- Not to be confused with the alveolar clicks. Unicode uses the obsolete description "alveolar click" for the palatal-click character 〈ǃ〉.
|Voiced palatal click|
|Palatal nasal click|
The palatal or palato-alveolar clicks are a family of click consonants found only in Africa. The tongue is nearly flat, and is pulled back rather than down as in the postalveolar clicks, making a sharper sound than those consonants. The tongue makes an extremely broad contact across the roof of the mouth, making a determination of their place of articulation difficult, but Ladefoged & Traill (1984:18) find that the primary place of articulation is the palate, and say that "there is no doubt that [ǂ] should be described as a palatal sound".
The symbol in the International Phonetic Alphabet that represents the place of articulation of these sounds is 〈ǂ〉, a double-barred pipe. An older variant, the double-barred esh, 〈
ʄ 〉, is sometimes seen. This may be combined with a second letter or a diacritic to indicate the manner of articulation, though this is commonly omitted for tenuis clicks.
In the orthographies of individual languages, palatal clicks may be written either with digraphs based on the pipe letter of the IPA, or using the Latin alphabet. Nama and most Saan languages use the former. Conventions for the latter include multigraphs based on 〈ç〉 in Juǀʼhoansi (1987 orthography) and originally in Naro, the latter since changed to 〈tc〉, and on 〈qc〉. In the 19th century, 〈v〉 was sometimes used (see click letters); this might be the source of the Doke letter for the voiceless palatal click, 〈ↆ〉, apparently a v over-struck with a pipe.
|IPA I||IPA II||Description|
|〈ǂ〉||tenuis palatal click|
|〈ǂʰ〉||aspirated palatal click|
|〈ǂ̬〉||〈ᶢǂ〉||voiced palatal click|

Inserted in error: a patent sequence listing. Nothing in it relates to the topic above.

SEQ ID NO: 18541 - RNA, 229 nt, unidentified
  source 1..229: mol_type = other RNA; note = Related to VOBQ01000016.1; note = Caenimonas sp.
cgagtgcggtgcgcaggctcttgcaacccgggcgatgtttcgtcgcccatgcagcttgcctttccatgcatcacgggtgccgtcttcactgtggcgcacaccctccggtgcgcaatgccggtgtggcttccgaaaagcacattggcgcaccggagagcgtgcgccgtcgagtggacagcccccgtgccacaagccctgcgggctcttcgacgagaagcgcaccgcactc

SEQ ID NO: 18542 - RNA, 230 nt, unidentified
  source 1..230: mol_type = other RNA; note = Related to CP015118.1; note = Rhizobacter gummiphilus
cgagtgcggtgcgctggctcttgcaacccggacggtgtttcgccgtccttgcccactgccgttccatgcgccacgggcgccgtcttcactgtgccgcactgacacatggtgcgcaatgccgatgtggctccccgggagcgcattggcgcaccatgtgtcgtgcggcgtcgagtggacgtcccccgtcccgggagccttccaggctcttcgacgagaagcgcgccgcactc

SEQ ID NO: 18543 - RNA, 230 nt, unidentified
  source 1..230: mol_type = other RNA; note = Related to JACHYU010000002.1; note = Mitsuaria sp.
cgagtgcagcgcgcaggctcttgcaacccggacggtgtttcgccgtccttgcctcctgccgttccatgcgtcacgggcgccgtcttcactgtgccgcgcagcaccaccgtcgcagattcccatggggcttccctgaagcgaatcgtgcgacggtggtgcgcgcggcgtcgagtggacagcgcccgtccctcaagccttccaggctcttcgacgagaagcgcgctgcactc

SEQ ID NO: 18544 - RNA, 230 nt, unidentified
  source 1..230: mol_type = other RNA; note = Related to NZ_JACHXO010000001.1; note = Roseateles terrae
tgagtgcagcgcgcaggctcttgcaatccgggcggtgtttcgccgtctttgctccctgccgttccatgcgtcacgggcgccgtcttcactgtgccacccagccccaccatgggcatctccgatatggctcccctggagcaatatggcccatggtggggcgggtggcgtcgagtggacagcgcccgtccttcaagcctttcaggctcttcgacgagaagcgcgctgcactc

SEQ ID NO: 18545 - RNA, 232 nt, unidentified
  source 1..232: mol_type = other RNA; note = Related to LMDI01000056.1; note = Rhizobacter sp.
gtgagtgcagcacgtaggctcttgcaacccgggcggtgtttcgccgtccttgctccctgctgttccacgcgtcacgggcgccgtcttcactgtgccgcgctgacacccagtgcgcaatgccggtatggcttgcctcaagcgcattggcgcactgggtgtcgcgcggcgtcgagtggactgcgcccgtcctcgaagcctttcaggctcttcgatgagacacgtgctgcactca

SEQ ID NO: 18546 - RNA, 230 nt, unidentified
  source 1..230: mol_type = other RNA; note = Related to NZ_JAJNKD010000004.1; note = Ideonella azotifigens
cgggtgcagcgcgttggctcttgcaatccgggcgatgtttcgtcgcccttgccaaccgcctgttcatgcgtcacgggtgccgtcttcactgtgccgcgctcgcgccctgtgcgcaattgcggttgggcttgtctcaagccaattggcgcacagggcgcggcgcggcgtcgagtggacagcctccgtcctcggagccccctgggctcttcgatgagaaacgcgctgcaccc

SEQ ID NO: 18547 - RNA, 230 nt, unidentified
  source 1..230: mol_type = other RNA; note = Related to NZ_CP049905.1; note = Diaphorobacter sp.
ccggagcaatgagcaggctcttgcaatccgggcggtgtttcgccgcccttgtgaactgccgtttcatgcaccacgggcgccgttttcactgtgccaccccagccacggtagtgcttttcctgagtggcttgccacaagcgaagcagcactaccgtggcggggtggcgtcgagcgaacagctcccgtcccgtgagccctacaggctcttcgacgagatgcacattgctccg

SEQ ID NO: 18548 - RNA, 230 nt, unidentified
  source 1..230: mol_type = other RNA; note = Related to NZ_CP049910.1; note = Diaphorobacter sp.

|〈ǂ̃〉||〈ᵑǂ〉||palatal nasal click|
|〈ǂ̥̃ʰ〉||〈ᵑ̊ǂʰ〉||aspirated palatal nasal click|
|〈ǂ̃ˀ〉||〈ᵑǂˀ〉||glottalized palatal nasal click|
The last is what is heard in the sound sample at right, as non-native speakers tend to glottalize clicks to avoid nasalizing them.
Features of palato-alveolar clicks:
- The basic articulation may be voiced, nasal, aspirated, glottalized, etc.
- The forward place of articulation is broad, with the tongue flat against the roof of the mouth from the alveolar ridge to the palate. The release is a sharp, plosive sound.
- Clicks may be oral or nasal, which means that the airflow is either restricted to the mouth, or passes through the nose as well.
- They are central consonants, which means they are produced by releasing the airstream at the center of the tongue, rather than at the sides.
- The airstream mechanism is lingual ingressive (aka velaric ingressive), which means a pocket of air trapped between two closures is rarefied by a "sucking" action of the tongue, rather than being moved by the glottis or the lungs/diaphragm. The release of the forward closure produces the 'click' sound. Voiced and nasal clicks have a simultaneous pulmonic egressive airstream.
|Taa||ǂnûm||ᵑǂûm = ǂ̃ûm||two|
|ǂʰáó̯kχʼam||to be disappointed|
|Yeyi||kuǂʔapara||to smash up|
|Domed palatal click|
Ekoka !Kung has a series of domed postalveolar-to-palatal clicks with a noisy, fricated release which derive historically from more prototypical palatal clicks. These have been variously described as fricated alveolar clicks and inaccurately as retroflex clicks. Unlike typical palatal clicks, which have a sharp, abrupt release, these have a slow, turbulent anterior release that sounds much like a short inhaled ʃ; they also have a domed tongue rather than a flat tongue like a typical palatal click. Like the clicks they derive from, they do not have the retracted tongue root and back-vowel constraint typical of alveolar clicks. A provisional transcription for the tenuis click is 〈ǃ͡s〉, though this misleadingly suggests that the clicks are affricates.3
- Alveolar clicks
- Bilabial clicks
- Dental clicks
- Lateral clicks
- Retroflex clicks
- List of phonetics topics
- The original Kirshembaum proposal assigned 〈c!〉 to IPA 〈ʗ〉, which it used indifferently for both alveolar and palatal clicks. Using 〈c!〉 for 〈ǂ〉 and 〈t.!〉 for 〈ǃ〉 in more in keeping with the philosophy of the proposal, which was that the !-diacritic for clicks should accompany the homorganic stop.
- Tucker et al. (1977), The East-African Click Languages: A Phonetic Comparison
- Miller, Holliday, Howcroft, Phillips, Smith, Tsui, & Scott. 2011. "The Phonetics of the Modern-day reflexes of the Proto‐palatal click in Juu languages". In A concise dictionary of northwestern ǃXun (2008), König & Heine transcribe them 〈‼〉, which is elsewhere used for the retroflex clicks.